Former Doncaster Rovers boss opens up about severe memory loss caused by football injuries

Former Doncaster Rovers boss Dave Cusack has opened up about his battles with severe memory loss '“ caused by head injuries during his time playing football.

Monday, 10th December 2018, 12:47 pm
Updated Monday, 10th December 2018, 12:50 pm
Former Doncaster Rovers boss Dave Cusack suffers from severe short term memory loss.

Cusack, 62, says that numerous blows to the head during his career have left him with severe short-term memory loss '“ and he struggles to remember things on a daily basis.

The tough-tackling defender, who was in charge of Rovers between 1985 and 1987, spoke to The Sun about how elbows to the head from oppositon players have left him suffering from a neurocognitive brain disorder.

Former Doncaster Rovers boss Dave Cusack suffers from severe short term memory loss.

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The former centre-half, who clocked up 512 pro appearances in a 15-year career, says his condition was caused by clashes during his playing days.

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He told the newspaper: 'The neuro specialists have said it's the result of constant head traumas.

'Well, the only head traumas I suffered were in the shape of centre-forwards' elbows.

'They are what's done this to me '” and others as well.

'People keep going on about the damage heading those heavy footballs has done to players. But there were no laces in the balls when I played and the balls were light.

'The damage to my brain has been caused by the countless elbows to head centre-forwards used to give me.'

He said: 'The main thing is forgetfulness.

'My short-term memory is so terrible the PFA send me two diaries each year because I have to write everything down. I keep one with me all the time.

'People will think it's terrible for me but it's worse for my kids having to listen to me repeat things because I've forgotten what I've said.'

He said: 'I once had 8½ hours of micro-surgery after one striker done me in a game. The physio came on after seeing the blood.

'These days I would have been subbed, taken into the stadium's well-equipped medical centre, checked over and given the week off.

'Back then, it was different. There was only one sub for starters and none of the care there is now. So I was just taken to the dressing room, stitched up, patched up and sent back out to finish the game.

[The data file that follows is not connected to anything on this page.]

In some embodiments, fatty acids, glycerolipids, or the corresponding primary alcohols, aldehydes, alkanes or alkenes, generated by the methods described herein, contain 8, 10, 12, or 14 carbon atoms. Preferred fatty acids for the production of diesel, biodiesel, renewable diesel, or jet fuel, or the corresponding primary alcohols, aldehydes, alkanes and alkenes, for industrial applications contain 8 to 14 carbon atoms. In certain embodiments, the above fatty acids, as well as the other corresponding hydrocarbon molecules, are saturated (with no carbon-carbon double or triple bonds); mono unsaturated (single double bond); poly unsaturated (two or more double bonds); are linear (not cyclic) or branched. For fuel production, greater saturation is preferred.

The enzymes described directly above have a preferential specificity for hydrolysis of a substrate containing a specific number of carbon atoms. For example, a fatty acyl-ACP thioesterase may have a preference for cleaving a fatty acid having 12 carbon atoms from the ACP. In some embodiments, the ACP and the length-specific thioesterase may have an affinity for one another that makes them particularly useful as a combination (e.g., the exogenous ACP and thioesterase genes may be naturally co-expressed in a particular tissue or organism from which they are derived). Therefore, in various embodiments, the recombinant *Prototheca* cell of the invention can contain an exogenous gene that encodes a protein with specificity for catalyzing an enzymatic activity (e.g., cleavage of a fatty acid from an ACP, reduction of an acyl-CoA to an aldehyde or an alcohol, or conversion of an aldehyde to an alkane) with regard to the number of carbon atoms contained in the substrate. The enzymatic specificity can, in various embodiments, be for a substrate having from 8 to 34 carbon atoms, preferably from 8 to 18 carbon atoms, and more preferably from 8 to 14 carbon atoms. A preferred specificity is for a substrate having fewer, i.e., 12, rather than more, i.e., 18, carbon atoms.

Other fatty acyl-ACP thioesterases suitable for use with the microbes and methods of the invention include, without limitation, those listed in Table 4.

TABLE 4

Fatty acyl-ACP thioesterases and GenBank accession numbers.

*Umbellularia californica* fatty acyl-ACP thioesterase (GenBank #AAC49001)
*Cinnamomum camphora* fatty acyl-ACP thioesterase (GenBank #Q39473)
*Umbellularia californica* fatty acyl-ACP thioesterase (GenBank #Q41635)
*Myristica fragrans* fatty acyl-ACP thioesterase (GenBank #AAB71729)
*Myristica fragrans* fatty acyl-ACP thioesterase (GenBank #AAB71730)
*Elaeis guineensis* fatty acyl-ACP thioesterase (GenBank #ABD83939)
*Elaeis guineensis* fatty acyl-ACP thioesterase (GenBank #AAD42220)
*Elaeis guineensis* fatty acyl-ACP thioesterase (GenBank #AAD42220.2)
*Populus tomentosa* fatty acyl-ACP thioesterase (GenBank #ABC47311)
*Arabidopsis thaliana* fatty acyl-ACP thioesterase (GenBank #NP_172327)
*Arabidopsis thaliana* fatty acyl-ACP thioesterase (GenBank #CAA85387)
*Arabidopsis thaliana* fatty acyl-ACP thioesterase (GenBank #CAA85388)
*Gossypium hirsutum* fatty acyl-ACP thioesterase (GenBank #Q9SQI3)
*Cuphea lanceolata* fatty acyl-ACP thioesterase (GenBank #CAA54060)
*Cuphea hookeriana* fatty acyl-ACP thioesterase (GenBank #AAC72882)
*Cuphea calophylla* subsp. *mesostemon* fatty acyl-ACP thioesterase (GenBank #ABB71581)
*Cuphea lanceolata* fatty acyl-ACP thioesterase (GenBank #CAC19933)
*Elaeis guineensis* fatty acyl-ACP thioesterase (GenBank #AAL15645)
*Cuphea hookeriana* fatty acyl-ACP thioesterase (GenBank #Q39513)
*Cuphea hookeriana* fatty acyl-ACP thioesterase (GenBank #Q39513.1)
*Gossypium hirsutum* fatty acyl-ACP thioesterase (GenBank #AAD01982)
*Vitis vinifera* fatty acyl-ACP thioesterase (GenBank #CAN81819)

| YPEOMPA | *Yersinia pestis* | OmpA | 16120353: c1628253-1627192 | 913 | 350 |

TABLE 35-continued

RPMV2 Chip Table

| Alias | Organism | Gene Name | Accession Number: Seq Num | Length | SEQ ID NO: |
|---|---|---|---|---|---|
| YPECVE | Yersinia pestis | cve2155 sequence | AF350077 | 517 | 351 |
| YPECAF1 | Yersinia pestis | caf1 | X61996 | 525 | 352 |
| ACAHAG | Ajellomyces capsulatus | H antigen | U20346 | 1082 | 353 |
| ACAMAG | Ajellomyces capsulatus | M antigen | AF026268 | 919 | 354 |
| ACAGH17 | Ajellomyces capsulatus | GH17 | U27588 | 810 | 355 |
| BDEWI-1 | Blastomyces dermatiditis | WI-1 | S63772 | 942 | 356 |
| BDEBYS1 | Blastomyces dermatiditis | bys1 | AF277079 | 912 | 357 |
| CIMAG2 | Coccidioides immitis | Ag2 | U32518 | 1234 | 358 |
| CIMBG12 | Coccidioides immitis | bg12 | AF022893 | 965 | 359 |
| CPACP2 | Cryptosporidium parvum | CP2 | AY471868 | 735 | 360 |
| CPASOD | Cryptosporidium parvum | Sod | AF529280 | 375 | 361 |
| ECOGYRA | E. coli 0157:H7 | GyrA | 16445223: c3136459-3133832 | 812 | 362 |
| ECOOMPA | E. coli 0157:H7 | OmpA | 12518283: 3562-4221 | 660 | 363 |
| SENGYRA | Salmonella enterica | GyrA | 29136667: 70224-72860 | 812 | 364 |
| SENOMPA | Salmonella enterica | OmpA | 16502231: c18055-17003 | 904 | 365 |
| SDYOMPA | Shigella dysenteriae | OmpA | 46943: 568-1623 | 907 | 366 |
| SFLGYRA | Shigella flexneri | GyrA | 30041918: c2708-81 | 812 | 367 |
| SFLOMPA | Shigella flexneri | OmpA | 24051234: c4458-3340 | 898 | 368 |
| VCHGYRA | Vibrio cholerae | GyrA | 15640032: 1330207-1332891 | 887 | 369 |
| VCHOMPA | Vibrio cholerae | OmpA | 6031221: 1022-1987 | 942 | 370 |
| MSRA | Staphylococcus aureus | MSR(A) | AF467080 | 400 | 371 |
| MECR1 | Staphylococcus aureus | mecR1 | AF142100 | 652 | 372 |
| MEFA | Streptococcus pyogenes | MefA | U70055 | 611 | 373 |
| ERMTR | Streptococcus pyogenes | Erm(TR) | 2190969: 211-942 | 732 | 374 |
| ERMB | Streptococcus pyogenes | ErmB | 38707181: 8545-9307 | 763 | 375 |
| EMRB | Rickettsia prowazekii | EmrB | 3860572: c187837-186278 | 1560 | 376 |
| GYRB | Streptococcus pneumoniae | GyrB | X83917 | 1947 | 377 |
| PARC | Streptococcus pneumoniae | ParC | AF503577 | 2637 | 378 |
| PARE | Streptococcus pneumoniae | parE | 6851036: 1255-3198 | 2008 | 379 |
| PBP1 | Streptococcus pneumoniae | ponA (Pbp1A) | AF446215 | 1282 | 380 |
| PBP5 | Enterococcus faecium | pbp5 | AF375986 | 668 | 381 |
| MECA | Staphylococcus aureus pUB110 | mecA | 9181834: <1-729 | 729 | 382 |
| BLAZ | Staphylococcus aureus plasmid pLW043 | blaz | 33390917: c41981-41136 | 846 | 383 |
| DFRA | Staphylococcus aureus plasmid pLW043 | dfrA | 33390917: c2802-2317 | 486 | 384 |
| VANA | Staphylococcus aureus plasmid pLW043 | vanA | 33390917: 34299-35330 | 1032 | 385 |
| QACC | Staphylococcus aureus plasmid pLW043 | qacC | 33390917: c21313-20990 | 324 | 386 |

'Defenders would get elbowed in the head in training all the time. It was scandalous looking back now.

'Every manager I played for all told our strikers the same thing before game '” first chance you get, make sure you let their centre-half have it.

'And we all knew what '˜have it' meant. It meant elbow him.

'It didn't matter if you were concussed, if a manager had already used his one substitute then you played on. Nobody knew then the damage it was doing.

He said: 'I was only diagnosed officially in the last year or so. But looking back I've suffered with it for years.

'One of my former partners used to think I was taking the p*** out of her because I would forget things she had told me an hour before.

'At the time we didn't think anything of it. She just thought I was being blokeish and had not listened to her.

'But I had listened. I just couldn't remember what she had said.

'But then as time went on it started getting worse and the PFA sent me to hospital for tests.'

Born in Thurcroft, he began his career with Sheffield Wednesday, making 95 league appearances for the Owls before moving to Southend Unitedin 1978 for a then club record £50,000.

A spell at Millwall followed before he moved to Doncaster Rovers as player-manager in 1985, replacing Billy Bremner.

With Doncaster facing relegation by the 1987-88 season, Cusack left the club and took over at Rotherham United but left the Millers after a slide down the league. Both Rovers and Rotherham ended up being relegated.